New York International Auto Show organizers are postponing the 12-day conference until late August due to the emerging coronavirus outbreak in the US — the first time since WWII that the annual event has been rescheduled.
The public exhibition, set to open early next month, is now scheduled for Aug. 28 through Sept. 6, confirmed Tuesday by the Greater New York Automobile Dealers Association, which owns and operates the event.
Mark Schienbery, president of the dealer group, said in a statement, “We are taking this extraordinary step to help protect our attendees, exhibitors, and all participants from the coronavirus.”
The show was created in 1900 and hasn’t been canceled or rescheduled since WWII, organizers said.
“It was suspended for two years during the Second World War. We know of no other postponements or cancelations,” said Chris Sams, spokesperson for the Greater New York Car Dealers Association.
The show is one of the leading annual events in the industry, drawing over 1 million visitors to the new prototypes and some of the fastest and most luxurious cars in the world.
The show’s postponement comes at a difficult period for the automobile industry, which has been wrestling with issues of vehicle production and supplier disruption as a result of the COVID-19 outbreak for months. It also contributes to challenging times for car exhibits, many of which in recent years have lost momentum and automaker attendance.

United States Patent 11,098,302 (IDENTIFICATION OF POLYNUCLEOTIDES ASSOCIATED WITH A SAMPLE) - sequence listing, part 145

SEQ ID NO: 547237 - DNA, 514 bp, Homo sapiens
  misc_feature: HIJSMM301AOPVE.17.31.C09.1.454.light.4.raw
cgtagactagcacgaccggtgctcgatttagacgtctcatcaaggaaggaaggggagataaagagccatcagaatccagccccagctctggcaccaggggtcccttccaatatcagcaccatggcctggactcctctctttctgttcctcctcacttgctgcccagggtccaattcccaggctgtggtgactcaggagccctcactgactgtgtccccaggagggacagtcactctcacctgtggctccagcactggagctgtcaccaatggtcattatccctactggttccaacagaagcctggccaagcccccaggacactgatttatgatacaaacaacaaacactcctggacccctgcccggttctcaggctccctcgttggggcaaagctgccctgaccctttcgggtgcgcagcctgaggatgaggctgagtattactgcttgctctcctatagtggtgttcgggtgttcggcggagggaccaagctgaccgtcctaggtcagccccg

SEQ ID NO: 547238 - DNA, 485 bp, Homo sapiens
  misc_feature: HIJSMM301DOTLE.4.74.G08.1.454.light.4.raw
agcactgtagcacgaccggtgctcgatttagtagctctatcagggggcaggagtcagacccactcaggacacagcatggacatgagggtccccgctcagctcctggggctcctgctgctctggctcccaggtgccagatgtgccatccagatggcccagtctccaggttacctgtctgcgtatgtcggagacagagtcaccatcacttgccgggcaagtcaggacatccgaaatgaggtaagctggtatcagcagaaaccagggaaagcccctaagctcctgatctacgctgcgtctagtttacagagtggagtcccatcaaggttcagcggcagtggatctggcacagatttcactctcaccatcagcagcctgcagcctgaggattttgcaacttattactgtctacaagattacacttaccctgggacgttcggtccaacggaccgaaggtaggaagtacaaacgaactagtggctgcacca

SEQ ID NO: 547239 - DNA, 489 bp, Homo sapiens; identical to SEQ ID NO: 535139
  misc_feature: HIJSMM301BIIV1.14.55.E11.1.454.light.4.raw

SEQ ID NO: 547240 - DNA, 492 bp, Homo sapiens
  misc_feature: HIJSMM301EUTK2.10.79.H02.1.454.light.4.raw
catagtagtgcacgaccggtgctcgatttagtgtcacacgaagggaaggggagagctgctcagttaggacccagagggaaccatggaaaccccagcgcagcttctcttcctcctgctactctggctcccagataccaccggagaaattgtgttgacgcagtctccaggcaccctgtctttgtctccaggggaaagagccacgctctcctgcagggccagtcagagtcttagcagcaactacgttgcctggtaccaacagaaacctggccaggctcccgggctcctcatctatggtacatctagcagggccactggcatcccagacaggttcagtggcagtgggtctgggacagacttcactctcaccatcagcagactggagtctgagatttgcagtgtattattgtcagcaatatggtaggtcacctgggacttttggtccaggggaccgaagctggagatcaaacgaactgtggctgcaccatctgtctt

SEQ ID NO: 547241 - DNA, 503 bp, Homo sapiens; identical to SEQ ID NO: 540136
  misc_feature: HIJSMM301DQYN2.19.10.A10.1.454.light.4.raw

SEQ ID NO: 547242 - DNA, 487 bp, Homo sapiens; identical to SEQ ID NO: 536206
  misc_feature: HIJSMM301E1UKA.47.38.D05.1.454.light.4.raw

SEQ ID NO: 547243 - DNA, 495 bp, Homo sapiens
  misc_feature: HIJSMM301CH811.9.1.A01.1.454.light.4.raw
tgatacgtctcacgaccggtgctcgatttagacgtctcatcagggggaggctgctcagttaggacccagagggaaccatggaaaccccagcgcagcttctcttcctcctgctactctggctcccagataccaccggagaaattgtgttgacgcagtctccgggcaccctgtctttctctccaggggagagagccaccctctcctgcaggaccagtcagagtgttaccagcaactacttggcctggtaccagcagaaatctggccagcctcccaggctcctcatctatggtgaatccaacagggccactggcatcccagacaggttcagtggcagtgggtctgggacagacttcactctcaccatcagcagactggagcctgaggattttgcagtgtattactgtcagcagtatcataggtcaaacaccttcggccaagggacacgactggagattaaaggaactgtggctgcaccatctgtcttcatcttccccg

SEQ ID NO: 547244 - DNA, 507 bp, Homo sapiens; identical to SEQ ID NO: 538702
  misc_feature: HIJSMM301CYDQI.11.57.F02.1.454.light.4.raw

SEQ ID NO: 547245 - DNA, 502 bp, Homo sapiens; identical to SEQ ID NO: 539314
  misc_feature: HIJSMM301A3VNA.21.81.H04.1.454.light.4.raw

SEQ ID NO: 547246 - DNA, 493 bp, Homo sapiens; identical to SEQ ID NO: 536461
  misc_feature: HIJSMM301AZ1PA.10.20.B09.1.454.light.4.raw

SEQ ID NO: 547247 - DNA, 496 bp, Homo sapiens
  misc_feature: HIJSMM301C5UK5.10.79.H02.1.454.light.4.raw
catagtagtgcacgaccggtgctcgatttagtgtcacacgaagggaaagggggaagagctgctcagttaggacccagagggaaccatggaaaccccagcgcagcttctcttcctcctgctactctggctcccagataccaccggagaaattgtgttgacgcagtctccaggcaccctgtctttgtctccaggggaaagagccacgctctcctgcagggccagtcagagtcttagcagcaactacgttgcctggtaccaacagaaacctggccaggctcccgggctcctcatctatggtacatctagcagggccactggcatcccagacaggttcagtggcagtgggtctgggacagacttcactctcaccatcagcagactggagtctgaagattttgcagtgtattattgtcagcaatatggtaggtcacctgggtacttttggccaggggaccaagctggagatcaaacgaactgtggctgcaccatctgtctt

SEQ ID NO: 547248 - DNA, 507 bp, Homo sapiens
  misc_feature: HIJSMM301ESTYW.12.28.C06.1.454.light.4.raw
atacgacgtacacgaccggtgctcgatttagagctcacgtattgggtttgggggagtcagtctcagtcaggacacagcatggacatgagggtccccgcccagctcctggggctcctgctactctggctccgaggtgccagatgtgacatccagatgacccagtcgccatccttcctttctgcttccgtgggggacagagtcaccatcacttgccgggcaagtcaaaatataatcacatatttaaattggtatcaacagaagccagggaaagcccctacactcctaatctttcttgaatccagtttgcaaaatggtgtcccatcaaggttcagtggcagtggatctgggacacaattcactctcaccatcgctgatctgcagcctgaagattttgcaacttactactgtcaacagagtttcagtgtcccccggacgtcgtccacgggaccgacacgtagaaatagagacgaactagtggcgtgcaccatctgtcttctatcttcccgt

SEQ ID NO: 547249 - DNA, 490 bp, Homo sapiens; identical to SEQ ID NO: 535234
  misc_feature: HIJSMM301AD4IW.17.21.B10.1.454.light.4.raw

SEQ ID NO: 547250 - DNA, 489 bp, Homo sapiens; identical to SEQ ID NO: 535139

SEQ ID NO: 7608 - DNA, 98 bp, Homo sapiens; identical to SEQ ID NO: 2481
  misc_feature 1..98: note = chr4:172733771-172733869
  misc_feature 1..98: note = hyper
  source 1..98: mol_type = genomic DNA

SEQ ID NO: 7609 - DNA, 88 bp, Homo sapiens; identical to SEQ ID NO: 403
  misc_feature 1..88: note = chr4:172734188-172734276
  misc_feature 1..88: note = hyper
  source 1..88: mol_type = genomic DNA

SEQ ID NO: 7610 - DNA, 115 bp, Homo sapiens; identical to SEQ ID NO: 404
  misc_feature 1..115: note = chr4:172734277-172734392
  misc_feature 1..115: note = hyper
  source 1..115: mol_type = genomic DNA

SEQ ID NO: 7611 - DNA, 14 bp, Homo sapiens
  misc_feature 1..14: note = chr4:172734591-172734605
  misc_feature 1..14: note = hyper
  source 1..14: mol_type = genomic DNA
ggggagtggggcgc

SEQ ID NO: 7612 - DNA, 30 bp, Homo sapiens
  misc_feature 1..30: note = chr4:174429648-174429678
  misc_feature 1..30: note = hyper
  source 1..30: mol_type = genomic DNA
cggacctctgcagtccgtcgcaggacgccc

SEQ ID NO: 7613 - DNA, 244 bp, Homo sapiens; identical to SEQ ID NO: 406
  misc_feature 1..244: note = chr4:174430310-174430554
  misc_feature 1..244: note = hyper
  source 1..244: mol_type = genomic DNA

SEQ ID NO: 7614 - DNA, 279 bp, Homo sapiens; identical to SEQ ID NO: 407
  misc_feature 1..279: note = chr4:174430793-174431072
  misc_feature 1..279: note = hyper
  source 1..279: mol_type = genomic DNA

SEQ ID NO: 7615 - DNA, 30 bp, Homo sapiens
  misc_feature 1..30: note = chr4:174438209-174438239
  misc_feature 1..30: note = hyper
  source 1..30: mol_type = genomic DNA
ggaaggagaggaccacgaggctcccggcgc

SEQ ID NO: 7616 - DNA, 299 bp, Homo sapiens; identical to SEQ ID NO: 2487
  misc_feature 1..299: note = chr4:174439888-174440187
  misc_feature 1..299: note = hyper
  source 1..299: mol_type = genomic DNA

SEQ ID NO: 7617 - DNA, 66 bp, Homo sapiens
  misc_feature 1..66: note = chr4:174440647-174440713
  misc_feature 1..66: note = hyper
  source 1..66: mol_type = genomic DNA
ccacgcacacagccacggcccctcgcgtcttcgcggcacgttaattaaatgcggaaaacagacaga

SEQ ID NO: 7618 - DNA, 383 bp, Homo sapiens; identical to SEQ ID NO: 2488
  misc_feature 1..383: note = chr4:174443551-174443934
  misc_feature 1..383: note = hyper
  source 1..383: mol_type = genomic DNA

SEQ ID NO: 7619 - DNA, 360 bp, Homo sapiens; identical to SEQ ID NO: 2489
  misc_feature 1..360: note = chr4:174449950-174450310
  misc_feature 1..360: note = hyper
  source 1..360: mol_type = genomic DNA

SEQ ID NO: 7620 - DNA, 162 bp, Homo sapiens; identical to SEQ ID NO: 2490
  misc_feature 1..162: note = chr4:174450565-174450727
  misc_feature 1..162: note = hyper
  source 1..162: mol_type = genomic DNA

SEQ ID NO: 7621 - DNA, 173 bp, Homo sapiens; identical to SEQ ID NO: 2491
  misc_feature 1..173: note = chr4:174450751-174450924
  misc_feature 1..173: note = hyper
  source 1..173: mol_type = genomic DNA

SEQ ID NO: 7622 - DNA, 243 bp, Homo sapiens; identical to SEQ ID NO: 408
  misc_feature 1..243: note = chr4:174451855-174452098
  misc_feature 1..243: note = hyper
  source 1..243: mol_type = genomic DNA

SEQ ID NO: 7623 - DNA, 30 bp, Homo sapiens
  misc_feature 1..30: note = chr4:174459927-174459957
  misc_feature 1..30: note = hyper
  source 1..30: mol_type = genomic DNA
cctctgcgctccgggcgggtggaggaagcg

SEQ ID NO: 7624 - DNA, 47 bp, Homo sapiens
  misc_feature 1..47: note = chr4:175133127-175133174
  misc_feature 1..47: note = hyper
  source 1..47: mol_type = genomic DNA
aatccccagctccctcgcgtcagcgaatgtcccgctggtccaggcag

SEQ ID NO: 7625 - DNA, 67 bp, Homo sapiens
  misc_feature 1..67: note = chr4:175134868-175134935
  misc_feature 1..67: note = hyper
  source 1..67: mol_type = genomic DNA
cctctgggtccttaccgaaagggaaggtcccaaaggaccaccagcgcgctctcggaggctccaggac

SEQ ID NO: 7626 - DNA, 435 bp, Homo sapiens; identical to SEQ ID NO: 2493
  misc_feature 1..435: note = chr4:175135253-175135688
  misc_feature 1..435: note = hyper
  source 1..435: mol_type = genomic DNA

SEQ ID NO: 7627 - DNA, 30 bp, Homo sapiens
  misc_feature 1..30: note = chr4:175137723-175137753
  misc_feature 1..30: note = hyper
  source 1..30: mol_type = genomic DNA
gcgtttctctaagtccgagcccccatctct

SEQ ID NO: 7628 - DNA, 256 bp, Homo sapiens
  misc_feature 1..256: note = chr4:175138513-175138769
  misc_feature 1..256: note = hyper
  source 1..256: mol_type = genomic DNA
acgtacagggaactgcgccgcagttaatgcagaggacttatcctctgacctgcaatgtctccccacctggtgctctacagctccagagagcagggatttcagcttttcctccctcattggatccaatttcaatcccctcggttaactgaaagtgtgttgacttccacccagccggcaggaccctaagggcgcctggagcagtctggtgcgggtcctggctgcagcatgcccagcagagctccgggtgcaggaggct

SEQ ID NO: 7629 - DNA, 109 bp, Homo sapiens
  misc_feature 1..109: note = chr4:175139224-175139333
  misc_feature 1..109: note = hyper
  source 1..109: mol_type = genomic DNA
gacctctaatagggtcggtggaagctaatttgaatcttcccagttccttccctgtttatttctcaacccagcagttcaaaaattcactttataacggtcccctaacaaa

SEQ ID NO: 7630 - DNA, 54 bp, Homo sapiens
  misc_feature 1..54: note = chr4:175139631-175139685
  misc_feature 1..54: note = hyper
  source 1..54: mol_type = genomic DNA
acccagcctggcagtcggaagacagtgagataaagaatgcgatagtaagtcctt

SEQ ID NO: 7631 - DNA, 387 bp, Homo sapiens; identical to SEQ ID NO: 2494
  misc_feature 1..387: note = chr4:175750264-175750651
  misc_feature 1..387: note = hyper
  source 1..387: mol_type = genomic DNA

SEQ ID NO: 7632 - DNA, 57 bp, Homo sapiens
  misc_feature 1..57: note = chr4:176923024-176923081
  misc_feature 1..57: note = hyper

Historically, automakers have used auto shows to showcase their newest and most exciting products; however, due to logistics and expense, many have migrated into offsite events. At this time, it’s unknown how many of the automakers who were scheduled to debut more
than 50 new vehicles at this year’s show will postpone those announcements to August.
Automakers typically have set timelines for when the vehicle’s debut before going on sale. Spokespeople with some automakers previously said they were working on contingency plans for the show after the Geneva auto show was canceled earlier this month due to the Coronavirus.
Fiat Chrysler’s spokesperson, Rick Deneau, told the press Tuesday the Italian American automaker is “looking closely at other options,” refusing to elaborate any further.
After the Geneva auto show was canceled, many automakers moved to remote debuts with online video streams to showcase their products.
According to show officials, the New York auto show generates more than $330 million in economic benefits for the city and state annually.
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